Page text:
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Dismantling the Dogmas: Tools for Tackling Austerity in Latin America

December 18, 2019
In a time when conventional wisdom is being challenged by mass popular protests against inequality and human rights breaches in Latin American countries encumbered by austerity regimes, a new briefing by CESR confronts head-on some of the dogmas that are most frequently deployed against progressive structural fiscal reforms that could ameliorate such problems.
Dismantling the Dogmas of Austerity and Fiscal Injustice in Latin America, drawing on empirical evidence, interviews with knowledgeable experts, and regional and international human rights conventions, debunks 10 commonly held misconceptions about why fiscal consolidation policies are necessary. In the process, it makes a strong case for progressive structural tax reforms that are redistributive and would, in the long term, reduce inequality, guarantee rights and promote sustainable development. Crucially, the briefing argues that clawing back the fiscal resources lost to corruption, tax evasion and avoidance, and illicit financial flows would contribute significantly to closing the gap in financing required to address complex problems such as poverty, climate change and compliance with the Agenda 2030 Sustainable Development Goals (SDGs). 
As CESR has reported in the past, austerity has become the dominant fiscal policy paradigm, with an estimated two-thirds of countries worldwide adopting “reform” packages intended to defray national deficits.  Severe cuts in social spending, the dismantling of social protection policies, and regressive adjustments to labor market and social security systems have been implemented in many Latin American countries, negatively affecting human rights enjoyment and the wellbeing of ordinary citizens, hitting hardest the poorest and most socially disenfranchised groups, such as women, Indigenous peoples and Afro-descendant communities.
The briefing explains how persistent and misleading dogmas arguing against structural fiscal reforms consistently flood public debates, despite the fact that a wide range of actors agree that progressive reforms, instead of constraints on public spending, are needed to address fiscal imbalances. Progressive direct taxation, the elimination of ineffective tax incentives, and the empowerment of tax administrations to combat tax evasion and tax avoidance have all been recommended, but political resistance tied to powerful vested interests has thrown up considerable obstacles. Wealthy elites and large corporations play a large part in sustaining the rhetorical devices that argue against progressive, structural reforms, according to the briefing.
Dismantling the Dogmas demystifies many potent, but inaccurate, assumptions, such as the dogma that says deficits can only be diminished by austerity adjustments when, in fact, evidence from the region shows that fiscal imbalances are more frequently due to weak tax collection. Additionally, the assertion that austerity is an adequate response for overcoming the chilling effect that deficits have on investors and creditors who fear that states cannot pay their debt is refuted by evidence from countries such as Brazil and Argentina, which shows that draconian austerity measures actually proved ineffective and failed to restore confidence in the economy.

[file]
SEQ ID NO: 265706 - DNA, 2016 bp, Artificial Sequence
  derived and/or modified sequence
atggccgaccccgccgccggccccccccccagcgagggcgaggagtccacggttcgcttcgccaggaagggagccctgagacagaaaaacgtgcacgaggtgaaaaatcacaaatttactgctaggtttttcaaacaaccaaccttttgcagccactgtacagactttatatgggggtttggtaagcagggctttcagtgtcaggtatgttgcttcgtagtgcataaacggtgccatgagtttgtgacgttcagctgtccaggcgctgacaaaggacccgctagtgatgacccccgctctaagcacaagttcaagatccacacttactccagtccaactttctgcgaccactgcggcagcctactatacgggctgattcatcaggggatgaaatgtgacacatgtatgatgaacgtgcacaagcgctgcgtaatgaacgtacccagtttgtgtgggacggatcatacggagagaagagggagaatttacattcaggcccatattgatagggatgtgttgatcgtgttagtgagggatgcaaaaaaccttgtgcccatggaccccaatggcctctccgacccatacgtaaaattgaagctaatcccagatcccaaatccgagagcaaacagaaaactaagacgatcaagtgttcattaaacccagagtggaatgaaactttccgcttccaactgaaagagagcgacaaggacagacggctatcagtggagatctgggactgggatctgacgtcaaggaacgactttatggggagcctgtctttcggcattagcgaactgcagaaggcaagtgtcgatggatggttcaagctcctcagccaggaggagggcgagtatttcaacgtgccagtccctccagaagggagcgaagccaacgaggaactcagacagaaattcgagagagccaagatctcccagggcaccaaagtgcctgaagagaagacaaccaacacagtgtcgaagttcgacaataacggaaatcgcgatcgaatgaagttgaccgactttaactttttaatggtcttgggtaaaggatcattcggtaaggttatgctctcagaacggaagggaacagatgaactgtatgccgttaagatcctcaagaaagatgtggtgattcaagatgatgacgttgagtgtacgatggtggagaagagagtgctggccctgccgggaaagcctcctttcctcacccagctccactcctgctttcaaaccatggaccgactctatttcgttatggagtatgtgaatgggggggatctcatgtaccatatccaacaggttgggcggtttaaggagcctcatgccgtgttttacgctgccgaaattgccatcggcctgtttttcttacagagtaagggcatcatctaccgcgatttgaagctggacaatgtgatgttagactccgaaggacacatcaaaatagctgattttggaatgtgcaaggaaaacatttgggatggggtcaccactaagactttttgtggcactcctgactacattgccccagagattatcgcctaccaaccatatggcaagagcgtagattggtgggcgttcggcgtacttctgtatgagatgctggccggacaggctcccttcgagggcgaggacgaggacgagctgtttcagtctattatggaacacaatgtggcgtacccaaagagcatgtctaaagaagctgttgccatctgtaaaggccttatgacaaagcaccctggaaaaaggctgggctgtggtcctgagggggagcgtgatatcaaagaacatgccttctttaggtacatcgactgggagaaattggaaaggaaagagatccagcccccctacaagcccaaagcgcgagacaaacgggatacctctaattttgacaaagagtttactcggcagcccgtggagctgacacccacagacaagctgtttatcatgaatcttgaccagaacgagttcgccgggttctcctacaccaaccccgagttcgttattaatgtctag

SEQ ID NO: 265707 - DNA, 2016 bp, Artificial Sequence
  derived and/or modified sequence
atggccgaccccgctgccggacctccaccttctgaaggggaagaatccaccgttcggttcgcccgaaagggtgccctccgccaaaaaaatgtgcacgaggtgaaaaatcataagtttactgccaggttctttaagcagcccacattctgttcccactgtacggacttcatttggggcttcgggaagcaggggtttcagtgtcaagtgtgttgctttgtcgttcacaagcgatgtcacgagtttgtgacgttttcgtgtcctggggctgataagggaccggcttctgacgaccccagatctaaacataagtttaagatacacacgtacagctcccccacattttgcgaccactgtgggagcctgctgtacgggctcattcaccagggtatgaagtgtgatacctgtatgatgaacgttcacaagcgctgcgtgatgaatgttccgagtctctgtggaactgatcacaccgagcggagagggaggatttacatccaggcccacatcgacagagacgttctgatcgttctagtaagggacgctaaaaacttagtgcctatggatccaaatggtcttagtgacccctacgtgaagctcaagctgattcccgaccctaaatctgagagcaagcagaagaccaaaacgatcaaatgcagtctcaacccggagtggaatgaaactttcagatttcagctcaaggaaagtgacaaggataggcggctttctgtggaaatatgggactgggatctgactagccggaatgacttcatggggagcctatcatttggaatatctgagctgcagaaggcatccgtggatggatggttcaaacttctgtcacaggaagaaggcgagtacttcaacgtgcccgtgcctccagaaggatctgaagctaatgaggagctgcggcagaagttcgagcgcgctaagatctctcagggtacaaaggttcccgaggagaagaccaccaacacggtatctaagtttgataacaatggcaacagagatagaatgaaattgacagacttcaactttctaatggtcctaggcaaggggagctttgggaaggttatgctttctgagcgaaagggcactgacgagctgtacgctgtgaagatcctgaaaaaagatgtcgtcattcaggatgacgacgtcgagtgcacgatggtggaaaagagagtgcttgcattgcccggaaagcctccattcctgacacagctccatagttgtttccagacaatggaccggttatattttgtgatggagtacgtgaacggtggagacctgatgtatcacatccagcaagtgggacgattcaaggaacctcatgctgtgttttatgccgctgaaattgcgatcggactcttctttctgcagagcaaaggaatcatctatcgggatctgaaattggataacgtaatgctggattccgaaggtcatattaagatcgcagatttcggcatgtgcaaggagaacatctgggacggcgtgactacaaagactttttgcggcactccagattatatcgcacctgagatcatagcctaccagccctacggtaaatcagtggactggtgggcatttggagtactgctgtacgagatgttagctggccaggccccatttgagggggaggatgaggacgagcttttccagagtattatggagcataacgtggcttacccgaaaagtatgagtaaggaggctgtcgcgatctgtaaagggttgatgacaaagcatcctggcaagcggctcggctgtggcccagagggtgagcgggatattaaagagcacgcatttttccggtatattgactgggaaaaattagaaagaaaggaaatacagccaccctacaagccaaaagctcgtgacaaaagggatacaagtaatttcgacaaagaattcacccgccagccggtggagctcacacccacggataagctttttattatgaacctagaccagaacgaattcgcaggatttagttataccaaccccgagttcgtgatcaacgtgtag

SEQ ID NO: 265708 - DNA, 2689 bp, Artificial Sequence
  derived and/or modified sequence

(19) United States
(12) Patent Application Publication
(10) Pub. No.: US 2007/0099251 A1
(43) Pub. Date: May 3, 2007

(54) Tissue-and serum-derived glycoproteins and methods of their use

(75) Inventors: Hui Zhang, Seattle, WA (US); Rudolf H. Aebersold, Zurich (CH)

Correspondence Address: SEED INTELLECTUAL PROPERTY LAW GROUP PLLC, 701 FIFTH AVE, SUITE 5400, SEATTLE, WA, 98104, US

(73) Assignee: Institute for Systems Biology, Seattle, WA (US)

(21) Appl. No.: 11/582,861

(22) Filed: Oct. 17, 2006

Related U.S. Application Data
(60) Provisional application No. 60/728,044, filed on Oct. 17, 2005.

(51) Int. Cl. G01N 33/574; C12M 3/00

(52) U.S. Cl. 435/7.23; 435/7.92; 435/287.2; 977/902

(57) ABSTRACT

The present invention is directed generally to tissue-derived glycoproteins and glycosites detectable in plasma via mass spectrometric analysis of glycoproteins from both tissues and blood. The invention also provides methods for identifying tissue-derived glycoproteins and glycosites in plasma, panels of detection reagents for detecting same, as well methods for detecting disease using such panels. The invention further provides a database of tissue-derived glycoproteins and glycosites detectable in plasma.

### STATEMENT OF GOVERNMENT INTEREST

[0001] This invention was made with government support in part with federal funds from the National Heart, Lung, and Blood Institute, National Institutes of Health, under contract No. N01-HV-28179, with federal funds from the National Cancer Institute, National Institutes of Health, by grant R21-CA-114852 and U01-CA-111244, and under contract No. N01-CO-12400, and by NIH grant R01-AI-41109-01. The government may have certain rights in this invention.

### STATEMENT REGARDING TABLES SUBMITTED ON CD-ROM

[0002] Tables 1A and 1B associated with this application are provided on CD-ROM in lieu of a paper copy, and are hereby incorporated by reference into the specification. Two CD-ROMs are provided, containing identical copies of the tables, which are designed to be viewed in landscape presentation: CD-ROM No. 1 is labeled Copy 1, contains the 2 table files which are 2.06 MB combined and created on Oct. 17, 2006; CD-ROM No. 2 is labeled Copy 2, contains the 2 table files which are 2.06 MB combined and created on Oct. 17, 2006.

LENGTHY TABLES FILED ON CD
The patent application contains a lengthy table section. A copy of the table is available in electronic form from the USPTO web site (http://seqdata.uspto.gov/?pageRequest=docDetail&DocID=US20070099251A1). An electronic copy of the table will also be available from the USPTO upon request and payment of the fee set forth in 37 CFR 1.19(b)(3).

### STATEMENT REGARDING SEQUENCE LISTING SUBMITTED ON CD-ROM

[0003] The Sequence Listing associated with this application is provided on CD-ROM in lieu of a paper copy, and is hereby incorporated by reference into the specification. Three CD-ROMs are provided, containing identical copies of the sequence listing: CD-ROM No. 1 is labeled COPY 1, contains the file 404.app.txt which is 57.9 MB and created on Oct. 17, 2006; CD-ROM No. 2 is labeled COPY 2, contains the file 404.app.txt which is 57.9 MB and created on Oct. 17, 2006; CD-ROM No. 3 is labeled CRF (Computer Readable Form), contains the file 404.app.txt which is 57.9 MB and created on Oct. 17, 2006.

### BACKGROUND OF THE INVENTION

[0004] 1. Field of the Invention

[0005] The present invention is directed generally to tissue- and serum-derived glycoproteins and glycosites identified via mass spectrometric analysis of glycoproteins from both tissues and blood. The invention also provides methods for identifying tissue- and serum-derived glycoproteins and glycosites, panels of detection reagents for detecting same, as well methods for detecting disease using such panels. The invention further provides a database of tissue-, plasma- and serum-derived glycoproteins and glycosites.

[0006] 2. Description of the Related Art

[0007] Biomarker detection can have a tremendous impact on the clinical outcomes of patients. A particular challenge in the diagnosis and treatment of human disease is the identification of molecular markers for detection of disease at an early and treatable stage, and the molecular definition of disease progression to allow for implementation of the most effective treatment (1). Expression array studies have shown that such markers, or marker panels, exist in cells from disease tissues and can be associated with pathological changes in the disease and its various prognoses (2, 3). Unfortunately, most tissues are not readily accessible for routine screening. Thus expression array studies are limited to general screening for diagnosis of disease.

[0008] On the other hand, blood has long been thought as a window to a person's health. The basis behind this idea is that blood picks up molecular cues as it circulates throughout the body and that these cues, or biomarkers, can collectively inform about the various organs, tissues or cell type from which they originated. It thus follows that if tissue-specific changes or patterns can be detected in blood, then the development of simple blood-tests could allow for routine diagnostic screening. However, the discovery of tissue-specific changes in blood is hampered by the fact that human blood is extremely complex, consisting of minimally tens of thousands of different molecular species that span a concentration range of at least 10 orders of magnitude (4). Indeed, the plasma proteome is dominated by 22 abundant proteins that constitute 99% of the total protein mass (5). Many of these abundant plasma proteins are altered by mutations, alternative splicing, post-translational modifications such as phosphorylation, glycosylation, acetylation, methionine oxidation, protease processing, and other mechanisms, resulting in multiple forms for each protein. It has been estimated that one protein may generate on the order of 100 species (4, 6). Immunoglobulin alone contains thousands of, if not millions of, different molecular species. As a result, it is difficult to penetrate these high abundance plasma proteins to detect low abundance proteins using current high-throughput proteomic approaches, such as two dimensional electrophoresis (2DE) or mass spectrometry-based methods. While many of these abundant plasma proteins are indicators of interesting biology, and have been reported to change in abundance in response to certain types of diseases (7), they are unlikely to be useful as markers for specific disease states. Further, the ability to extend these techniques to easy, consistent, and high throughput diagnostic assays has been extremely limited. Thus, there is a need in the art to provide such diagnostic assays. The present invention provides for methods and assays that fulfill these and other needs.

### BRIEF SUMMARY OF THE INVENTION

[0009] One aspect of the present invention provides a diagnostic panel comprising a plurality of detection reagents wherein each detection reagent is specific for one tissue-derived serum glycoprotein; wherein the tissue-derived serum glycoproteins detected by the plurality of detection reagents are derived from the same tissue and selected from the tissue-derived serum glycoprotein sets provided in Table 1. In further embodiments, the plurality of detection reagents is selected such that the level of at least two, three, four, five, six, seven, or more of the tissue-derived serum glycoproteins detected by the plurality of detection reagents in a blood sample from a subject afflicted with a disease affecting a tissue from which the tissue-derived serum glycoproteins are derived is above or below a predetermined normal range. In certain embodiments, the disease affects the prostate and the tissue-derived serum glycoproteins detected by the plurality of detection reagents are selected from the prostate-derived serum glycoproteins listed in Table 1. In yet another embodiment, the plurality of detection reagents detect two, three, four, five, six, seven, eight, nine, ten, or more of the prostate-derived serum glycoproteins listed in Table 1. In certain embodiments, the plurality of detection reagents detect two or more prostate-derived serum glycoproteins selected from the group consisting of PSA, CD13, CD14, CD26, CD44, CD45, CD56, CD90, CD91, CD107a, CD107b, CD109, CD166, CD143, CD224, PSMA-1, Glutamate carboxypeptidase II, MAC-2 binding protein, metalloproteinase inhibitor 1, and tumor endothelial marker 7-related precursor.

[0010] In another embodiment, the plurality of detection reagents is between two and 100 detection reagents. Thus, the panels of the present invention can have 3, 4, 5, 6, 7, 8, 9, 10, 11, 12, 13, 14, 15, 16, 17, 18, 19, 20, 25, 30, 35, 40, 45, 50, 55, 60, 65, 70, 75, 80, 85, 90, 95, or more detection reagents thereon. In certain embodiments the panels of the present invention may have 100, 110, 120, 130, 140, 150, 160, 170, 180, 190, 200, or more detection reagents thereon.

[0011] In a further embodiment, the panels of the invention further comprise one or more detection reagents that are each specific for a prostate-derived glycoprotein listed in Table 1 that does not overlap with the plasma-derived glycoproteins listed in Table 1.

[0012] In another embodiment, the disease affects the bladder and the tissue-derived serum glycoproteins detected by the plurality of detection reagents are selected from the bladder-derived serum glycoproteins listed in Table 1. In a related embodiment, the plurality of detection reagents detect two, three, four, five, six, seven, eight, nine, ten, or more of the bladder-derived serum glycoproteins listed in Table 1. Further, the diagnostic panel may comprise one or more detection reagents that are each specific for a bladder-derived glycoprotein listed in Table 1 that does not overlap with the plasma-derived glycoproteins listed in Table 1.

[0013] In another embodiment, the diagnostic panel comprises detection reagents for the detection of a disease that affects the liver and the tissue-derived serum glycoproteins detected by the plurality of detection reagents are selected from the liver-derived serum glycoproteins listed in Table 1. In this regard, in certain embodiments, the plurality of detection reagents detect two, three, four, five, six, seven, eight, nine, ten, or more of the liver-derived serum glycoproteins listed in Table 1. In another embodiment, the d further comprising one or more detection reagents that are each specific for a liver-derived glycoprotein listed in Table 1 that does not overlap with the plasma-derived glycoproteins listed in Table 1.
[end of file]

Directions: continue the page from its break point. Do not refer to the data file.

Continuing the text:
A related dogma claiming that equality cannot be achieved through the tax system is rebutted by the fact that truly redistributive taxes fuel much more than just revenue production. Beyond generating resources necessary for government functions, fairer taxation also contributes to building more egalitarian societies by stimulating development practices that are more redistributive. In Latin America, where most fiscal revenue comes from indirect means, such as the value-added tax (VAT), the redistributive capacity of tax systems is limited and low-income groups, such as women, are negatively impacted. By more aggressively pursuing revenue from direct taxation, including property and income tax, governments could significantly raise their levels of redistribution and equality.
One particularly insidious dogma identifies corruption as the primary cause of fiscal imbalance, making structural tax reforms unnecessary. The briefing argues that, while the loss of tax revenue to corruption in public administrations should not be ignored, it is also important to focus on the serious problems of tax abuse (tax evasion and avoidance) and illicit financial flows taking place in the private sector. Indeed, corruption must be understood in all its manifestations, including the way in which decision making is captured to implement tax and fiscal policies that benefit powerful groups with vested interests. 
The evidence and arguments advanced in Dismantling the Dogmas seek to refute the accepted beliefs dominating popular discourse in Latin America, which justify the implementation of austerity measures and unfair fiscal policies that benefit only a few and harm many. The briefing’s authoritatively argued conclusions equip actors in social movements and civil society with critical tools necessary for neutralizing those misconceptions, providing fiscal alternatives that are both progressive and redistributive. The briefing adds to CESR’s growing body of work calling for new fiscal and economic models in the Andean Region that would reduce inequality, guarantee rights and promote sustainable development.
This briefing is available in English and in Spanish.
Image of a protester in Bogotá is courtesy of Christian Sanchez @ishamp/Instagram.